Acquiring sponsorship is just like applying for a job. Like job hunting, you will send a lot of emails and enquiries and get very few responses in return. You can, though, tip the odds in your favor by writing a detailed prospectus. Think of a prospectus as your cover letter when reaching out to potential sponsors.
1. Create an Opening Statement
The first page is where you introduce your company and describe the event you have in mind. Start by thanking the company for taking the time to review your prospectus and considering your event for sponsorship. Next, talk a bit about your business, what it does, and the demographic it caters to. You can also include the company URL and link to its social media page. Don’t spend too much time here; a paragraph or two will suffice.
Begin discussing the event and why you are requesting corporate sponsorship. Don’t get too detailed about the event here; all the small details will be added in later pages. The introduction should end with a brief description or even a table of contents on what’s included in the subsequent pages.
2. Include Statistics
Sponsors want to see hard numbers. They want to know, for example, what’s the expected turnout for the event, the number of your social media following, average conversion rates, and so on. If you have held past events, then include the data in your statistics.
If your company is a first-timer when it comes to event hosting, then you will need to acquire an estimated number of attendees. This can’t be an arbitrary number off the top of your head. Use online surveys and polls, or the number of tickets already sold to come up with a solid figure that you can present in your prospectus.
3. Explain Your Event in Detail
There should be a section in your prospectus where you explain all the intricate details of your event. This will also include the pricing.
Consider all of these aspects to touch upon:
- Venue rental – unquestionably the single most expensive overhead cost. Mention the venue or venues you’re considering, why you’re considering them, and the rental cost.
- Workshops/exhibits – Will there be booths and exhibits? If so, how many and what will each include?
- Food – Will your attendees be served a full meal or just light refreshments?
- Presentations – If there will be a lecture, who will be the guest speaker? Will you have to foot the cost for this person’s travel and lodging expenses?
4. What’s in it for the Sponsors?
Sponsors aren’t charities. Like your company, they’re out to make a profit, which means they expect something in return. They want exposure for their own brand, so you’re going to have to lay out how you’re going to do this. Here are some methods to consider:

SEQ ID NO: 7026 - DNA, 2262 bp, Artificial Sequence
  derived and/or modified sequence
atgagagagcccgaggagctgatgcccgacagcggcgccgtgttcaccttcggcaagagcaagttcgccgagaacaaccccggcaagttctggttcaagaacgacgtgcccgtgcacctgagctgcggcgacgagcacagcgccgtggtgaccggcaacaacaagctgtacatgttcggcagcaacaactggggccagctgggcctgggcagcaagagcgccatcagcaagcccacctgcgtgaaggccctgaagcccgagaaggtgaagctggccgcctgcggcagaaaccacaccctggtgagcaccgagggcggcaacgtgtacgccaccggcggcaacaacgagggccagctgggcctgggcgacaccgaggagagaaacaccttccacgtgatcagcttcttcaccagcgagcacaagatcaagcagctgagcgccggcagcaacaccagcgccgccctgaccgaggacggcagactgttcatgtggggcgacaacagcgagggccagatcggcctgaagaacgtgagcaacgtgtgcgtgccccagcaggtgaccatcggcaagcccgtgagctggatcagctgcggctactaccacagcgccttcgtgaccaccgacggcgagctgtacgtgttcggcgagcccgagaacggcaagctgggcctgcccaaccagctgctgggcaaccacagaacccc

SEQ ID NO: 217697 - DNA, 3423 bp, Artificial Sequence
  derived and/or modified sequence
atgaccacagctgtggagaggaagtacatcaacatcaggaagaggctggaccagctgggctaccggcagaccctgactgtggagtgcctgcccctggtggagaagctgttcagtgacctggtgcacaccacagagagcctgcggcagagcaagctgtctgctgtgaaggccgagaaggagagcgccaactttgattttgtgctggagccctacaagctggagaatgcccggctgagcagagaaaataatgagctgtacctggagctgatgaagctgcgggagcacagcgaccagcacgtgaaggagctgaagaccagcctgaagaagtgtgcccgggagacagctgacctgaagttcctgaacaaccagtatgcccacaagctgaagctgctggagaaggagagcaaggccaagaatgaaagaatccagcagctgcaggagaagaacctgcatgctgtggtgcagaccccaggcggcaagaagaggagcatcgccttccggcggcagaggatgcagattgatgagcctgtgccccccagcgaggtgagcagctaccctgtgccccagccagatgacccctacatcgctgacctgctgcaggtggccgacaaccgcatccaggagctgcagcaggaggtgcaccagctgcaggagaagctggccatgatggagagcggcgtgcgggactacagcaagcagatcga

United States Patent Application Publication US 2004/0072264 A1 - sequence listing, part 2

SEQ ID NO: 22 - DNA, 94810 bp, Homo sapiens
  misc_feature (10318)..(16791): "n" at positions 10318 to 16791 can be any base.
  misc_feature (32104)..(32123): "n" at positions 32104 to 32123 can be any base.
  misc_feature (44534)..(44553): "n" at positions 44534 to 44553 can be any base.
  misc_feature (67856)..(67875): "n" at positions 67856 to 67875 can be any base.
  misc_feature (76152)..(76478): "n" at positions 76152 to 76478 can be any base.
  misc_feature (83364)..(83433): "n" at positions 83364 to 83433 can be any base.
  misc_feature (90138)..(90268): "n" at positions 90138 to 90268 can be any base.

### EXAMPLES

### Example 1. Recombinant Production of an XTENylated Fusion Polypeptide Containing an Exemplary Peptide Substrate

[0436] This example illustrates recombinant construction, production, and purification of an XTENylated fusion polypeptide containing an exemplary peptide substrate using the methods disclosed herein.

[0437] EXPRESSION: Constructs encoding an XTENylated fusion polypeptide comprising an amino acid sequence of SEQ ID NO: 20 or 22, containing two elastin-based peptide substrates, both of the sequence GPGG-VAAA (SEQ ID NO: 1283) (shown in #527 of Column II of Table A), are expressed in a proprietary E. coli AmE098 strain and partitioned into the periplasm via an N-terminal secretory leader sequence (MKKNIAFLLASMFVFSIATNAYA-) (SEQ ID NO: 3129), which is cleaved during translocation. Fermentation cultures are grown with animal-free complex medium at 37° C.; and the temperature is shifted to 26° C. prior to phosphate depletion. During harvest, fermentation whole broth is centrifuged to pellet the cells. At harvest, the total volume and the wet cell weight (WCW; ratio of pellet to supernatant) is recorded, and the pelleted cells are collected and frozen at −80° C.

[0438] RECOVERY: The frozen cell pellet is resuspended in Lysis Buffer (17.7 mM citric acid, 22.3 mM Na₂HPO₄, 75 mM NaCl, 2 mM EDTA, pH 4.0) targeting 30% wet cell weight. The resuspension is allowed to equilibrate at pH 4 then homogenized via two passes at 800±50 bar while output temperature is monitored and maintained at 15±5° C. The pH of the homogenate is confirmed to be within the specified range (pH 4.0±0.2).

- Promoting the sponsor’s brand on your flyers, banners, and digital signage
- Including the sponsor’s logo on promotional items
- Giving the sponsor a booth or exhibit of its own
- Have the guest speaker mention the sponsor’s product in passing during the presentation
- Continual effort to promote the sponsor both before and after the event.
You should also mention that you’re flexible and open to any suggestions on their end. Remember, you are the one reaching out and making the request. The sponsor can do without your event, but you can’t do without sponsorship. With that in mind, what will you be willing to give in return that warrants the sponsor’s funds?
5. Provide Sponsorship Options
Your prospectus should include the estimated funds you will need and are requesting. The figure, whatever it may be, will not be a small number by any means. This may be too much money for a sponsor to part with especially considering that your company may still be relatively unknown. This is why your letter should include more affordable options that allow the sponsors to “test the waters” with your upcoming event.
If you need $50,000, for example, then add that you’re willing to settle for a smaller amount, such as $25,000. Of course, this also means the sponsor will get less in return, perhaps being only allotted one tradeshow booth instead of two. Lay out multiple funding amount options and what you’re willing to give in return for each option.
6. Personalize Each Prospectus
Your prospectus will likely contain multiple pages outlining all of the previous steps above. More than likely, you will be submitting the prospectus to multiple sponsors for consideration. This is why each letter should be personalized. The majority of the prospectus, such as the event details and statistical information do not have to be changed. The introduction, though, should specifically address the company by name. Try to make it as personal as possible. You can also, for example, add that you were a previous customer and that you especially enjoyed their X and Y products.
People reviewing your prospectus have likely reviewed dozens of others on a near daily basis, so they’re probably good at spotting a generic letter that you also sent to 10 other sponsors.
7. Be Optimistic but Realistic
If this is your first time reaching out to sponsors and your first go at planning an event, then you have a huge road block ahead of you. You’ll be lucky to hear back from even one company for every 10 you contact. With an organized and detailed prospectus, though, you will show to potential sponsors that you are serious and worthy of consideration.
Dan McCarthy is an Event Manager at Ultimate Experience, an event management company based in the UK. Dan has five years of event project management experience, and he has worked on many successful events. He shares his knowledge by writing and speaking on TechsyTalk, EventIcons, and The Event Tech Podcast. Follow him on Twitter @DanCarthy2.